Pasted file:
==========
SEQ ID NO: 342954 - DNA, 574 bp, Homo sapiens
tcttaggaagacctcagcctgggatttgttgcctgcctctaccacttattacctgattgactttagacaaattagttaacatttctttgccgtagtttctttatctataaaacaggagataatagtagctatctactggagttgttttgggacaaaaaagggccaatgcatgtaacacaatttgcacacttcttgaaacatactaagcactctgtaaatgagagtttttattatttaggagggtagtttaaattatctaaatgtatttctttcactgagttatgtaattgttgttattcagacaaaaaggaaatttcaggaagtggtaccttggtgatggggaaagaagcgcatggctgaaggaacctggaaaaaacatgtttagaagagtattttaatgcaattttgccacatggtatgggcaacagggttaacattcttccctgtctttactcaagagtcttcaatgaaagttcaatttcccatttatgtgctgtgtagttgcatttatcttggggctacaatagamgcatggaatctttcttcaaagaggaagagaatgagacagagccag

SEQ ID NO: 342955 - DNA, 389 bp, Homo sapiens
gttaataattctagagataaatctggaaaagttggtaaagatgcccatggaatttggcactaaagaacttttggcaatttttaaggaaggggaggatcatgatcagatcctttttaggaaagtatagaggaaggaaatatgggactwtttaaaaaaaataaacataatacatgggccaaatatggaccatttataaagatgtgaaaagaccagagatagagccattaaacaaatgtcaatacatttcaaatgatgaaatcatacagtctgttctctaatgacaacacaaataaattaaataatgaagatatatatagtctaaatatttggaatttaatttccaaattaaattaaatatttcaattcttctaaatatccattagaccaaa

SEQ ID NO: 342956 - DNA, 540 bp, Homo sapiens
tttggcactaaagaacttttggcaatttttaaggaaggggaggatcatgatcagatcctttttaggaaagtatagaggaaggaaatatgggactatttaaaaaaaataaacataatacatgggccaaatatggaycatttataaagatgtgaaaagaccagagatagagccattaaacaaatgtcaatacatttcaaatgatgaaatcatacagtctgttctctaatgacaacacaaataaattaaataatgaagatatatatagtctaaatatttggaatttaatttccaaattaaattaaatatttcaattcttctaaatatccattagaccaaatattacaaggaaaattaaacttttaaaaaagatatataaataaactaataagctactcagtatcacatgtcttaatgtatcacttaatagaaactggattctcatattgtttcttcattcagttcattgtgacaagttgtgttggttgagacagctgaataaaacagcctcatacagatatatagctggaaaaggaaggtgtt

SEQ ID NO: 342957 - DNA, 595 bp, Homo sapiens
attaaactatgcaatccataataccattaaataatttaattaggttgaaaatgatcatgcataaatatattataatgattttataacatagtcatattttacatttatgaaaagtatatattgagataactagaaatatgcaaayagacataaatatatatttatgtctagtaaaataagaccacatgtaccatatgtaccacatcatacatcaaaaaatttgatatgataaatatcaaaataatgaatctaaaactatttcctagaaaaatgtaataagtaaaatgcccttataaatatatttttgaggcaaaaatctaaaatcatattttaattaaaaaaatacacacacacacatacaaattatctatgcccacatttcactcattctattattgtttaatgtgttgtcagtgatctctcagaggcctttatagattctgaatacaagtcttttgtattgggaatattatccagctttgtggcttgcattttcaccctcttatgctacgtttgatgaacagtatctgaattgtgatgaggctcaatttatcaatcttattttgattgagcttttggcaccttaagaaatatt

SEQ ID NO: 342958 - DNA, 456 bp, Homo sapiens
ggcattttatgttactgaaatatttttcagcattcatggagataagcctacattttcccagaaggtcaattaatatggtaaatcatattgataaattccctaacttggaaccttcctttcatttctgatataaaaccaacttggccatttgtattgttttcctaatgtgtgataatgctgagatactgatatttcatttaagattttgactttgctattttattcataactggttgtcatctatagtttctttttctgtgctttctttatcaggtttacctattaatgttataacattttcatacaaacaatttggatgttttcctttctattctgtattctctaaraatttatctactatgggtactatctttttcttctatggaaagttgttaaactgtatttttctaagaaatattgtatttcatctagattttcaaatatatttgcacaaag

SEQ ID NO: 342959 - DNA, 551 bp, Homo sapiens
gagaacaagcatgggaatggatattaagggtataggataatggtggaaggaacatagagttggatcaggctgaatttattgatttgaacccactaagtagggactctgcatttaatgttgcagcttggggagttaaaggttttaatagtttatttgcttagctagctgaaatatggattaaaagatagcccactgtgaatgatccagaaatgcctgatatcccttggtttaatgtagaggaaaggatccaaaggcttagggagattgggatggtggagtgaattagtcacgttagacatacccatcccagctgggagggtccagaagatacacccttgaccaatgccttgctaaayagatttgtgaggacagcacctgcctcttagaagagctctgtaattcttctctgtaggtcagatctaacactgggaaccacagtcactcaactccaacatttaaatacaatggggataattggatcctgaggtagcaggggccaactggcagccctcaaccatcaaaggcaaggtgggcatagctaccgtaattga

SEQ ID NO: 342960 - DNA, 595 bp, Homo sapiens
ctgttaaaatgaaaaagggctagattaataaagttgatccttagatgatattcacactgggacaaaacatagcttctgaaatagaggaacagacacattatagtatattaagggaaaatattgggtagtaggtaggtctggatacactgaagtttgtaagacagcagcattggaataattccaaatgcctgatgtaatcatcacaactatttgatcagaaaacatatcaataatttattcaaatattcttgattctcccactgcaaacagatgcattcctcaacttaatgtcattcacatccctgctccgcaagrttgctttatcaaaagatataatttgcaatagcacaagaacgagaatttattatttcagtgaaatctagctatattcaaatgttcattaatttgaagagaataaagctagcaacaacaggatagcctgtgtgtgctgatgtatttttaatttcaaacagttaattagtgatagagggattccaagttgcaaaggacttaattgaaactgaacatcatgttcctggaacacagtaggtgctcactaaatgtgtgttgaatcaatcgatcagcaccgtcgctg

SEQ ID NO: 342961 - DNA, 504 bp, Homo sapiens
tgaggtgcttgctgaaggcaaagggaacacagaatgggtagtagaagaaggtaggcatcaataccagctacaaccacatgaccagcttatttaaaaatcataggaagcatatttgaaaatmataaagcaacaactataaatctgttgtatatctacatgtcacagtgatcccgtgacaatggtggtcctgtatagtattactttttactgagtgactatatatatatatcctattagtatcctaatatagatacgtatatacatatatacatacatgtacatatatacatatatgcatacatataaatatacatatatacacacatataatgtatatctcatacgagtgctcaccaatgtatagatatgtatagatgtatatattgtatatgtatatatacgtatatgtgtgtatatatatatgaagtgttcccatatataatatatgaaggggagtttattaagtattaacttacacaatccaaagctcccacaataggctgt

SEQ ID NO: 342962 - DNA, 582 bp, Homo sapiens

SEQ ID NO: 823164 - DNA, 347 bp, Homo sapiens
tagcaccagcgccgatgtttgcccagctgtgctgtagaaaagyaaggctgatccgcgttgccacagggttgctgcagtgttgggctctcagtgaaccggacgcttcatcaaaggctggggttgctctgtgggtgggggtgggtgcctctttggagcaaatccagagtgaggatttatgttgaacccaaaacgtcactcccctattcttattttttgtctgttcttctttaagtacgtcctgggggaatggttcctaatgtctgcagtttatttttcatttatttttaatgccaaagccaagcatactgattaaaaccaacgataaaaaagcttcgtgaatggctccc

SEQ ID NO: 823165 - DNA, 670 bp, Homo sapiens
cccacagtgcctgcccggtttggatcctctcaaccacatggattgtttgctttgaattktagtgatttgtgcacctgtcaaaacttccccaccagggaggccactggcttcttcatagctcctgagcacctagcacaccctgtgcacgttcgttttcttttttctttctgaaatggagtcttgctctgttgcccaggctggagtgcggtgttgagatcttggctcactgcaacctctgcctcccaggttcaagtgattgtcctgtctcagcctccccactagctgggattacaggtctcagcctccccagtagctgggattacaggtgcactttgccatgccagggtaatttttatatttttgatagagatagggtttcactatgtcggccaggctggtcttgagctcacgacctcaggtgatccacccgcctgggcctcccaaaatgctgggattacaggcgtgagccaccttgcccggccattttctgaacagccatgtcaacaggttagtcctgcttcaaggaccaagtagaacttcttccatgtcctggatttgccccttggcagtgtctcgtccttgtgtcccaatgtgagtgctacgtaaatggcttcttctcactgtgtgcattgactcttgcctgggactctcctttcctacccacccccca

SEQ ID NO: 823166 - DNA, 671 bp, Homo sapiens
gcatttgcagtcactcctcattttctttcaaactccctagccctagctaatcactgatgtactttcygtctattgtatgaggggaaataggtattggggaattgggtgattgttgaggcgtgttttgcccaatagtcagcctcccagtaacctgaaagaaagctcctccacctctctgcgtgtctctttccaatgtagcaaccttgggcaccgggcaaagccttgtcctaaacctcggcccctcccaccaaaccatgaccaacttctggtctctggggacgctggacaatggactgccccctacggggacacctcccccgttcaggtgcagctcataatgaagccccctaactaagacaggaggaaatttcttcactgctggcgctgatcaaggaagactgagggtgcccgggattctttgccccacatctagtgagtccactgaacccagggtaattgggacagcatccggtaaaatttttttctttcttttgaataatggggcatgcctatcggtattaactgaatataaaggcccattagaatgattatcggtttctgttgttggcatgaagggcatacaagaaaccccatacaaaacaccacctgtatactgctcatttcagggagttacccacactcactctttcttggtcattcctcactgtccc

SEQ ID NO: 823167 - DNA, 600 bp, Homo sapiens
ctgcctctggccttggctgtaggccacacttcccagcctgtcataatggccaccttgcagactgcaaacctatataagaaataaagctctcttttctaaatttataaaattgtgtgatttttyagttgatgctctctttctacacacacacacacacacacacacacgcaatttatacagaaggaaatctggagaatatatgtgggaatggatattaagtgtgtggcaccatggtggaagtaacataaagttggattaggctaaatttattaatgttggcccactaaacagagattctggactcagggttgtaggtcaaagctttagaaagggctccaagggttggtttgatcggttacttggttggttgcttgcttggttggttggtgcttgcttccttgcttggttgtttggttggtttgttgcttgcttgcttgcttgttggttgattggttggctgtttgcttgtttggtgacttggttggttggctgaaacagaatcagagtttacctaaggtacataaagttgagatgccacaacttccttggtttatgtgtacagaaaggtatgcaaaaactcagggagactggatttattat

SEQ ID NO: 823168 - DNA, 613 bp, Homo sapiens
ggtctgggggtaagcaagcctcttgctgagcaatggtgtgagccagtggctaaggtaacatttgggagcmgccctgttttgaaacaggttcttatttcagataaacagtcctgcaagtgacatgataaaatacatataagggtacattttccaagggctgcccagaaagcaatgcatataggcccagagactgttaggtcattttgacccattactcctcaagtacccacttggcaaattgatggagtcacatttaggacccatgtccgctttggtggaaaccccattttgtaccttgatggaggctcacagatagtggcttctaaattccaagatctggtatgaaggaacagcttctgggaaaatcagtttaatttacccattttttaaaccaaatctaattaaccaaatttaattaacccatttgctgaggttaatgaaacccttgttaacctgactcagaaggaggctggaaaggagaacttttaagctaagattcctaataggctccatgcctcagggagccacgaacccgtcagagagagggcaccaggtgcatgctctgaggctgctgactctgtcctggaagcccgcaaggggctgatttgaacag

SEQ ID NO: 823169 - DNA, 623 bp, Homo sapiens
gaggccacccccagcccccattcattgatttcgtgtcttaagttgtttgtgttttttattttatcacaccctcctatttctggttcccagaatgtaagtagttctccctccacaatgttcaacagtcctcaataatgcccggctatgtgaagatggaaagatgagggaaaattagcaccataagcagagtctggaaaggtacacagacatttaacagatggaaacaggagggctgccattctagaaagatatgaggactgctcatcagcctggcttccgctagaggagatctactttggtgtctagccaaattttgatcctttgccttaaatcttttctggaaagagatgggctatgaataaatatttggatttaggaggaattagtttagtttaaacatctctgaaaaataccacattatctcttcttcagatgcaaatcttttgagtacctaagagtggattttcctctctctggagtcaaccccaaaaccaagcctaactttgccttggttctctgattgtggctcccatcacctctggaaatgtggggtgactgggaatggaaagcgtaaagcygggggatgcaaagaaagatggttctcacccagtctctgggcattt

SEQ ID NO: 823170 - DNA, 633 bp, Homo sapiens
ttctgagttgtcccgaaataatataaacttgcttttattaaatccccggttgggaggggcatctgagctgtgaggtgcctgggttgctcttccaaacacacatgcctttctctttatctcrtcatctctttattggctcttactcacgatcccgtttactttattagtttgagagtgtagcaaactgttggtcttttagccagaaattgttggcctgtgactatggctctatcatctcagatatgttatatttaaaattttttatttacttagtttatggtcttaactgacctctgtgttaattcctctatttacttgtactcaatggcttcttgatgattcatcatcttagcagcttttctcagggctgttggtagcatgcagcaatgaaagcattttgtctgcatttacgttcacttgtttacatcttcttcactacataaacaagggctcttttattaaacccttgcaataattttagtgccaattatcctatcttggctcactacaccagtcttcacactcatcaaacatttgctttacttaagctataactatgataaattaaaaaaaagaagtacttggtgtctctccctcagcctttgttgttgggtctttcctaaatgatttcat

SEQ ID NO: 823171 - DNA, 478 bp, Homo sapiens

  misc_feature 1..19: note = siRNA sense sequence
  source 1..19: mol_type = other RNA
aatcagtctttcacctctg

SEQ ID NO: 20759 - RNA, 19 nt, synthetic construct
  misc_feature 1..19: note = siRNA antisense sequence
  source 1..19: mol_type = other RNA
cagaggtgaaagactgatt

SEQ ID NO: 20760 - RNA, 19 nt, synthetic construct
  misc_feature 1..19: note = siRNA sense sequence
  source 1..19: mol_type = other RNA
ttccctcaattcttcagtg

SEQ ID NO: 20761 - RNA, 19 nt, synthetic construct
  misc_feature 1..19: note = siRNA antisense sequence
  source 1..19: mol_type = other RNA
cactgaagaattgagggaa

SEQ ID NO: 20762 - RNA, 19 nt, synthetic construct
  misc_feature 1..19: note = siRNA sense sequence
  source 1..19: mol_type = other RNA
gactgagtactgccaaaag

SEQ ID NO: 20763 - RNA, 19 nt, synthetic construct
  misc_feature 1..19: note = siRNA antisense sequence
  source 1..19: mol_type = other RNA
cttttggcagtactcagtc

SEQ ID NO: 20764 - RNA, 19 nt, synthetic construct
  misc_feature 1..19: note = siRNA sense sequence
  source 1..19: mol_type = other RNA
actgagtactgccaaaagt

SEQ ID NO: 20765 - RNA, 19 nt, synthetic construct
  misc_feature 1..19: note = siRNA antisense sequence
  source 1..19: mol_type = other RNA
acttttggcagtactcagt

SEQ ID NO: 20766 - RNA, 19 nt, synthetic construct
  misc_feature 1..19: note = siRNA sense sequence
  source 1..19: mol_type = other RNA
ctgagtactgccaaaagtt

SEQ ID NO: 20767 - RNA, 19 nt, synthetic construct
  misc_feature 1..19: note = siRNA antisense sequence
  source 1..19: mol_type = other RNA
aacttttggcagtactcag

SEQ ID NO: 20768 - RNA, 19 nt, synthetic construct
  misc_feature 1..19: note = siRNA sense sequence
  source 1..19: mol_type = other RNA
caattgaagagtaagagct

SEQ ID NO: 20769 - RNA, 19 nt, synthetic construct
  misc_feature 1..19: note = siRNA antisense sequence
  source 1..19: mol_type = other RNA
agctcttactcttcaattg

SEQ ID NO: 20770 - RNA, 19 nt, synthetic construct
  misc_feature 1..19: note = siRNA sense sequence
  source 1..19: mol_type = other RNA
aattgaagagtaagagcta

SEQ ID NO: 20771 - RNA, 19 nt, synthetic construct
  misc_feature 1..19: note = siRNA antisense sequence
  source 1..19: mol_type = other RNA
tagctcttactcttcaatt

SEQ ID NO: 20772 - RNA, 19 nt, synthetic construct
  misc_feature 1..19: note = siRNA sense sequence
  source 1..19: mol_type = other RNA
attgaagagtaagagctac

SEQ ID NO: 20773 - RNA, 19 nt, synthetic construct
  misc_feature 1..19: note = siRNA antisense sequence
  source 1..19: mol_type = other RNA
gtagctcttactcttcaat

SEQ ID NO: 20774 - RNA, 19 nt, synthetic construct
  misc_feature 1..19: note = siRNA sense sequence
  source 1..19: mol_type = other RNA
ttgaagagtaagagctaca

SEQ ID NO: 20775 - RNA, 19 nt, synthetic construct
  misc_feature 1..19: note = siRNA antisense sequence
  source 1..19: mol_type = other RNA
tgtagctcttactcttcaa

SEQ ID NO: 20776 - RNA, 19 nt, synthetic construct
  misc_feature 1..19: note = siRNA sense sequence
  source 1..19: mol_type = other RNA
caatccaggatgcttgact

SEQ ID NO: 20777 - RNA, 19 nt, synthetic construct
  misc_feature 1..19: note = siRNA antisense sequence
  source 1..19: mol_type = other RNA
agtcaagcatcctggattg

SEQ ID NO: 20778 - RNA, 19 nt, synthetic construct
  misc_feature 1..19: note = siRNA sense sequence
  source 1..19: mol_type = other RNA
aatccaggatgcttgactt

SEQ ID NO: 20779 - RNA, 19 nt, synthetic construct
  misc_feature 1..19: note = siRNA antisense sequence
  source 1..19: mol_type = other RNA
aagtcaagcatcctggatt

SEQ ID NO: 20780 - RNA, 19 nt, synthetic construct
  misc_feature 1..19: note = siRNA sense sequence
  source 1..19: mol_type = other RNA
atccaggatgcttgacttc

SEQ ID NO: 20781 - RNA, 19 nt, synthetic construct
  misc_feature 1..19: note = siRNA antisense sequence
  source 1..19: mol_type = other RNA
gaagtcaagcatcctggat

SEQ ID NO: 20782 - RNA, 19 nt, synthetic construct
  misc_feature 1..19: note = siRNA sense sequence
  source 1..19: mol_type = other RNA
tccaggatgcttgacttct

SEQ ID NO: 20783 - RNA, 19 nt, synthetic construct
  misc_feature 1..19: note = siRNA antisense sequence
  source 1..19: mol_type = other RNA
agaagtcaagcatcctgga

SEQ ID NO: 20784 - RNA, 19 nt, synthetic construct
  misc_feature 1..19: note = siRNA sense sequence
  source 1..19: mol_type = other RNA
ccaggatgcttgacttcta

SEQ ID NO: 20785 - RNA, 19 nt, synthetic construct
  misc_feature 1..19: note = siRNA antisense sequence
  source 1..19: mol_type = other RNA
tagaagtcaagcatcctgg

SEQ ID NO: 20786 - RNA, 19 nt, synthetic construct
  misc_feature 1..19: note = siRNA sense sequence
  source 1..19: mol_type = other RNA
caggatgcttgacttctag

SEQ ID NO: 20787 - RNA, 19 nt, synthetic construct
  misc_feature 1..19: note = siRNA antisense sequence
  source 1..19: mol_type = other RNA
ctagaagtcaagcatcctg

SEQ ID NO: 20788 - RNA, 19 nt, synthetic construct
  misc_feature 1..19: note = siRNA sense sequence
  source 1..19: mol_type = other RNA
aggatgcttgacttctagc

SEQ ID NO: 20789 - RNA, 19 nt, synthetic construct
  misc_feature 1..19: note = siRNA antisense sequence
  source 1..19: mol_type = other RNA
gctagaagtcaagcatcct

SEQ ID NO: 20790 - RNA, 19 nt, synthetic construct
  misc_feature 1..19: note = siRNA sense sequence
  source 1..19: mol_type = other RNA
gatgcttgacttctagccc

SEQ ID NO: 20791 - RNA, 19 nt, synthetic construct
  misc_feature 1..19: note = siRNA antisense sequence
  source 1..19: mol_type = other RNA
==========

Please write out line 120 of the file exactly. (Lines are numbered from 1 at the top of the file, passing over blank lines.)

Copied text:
SEQ ID NO: 20780 - RNA, 19 nt, synthetic construct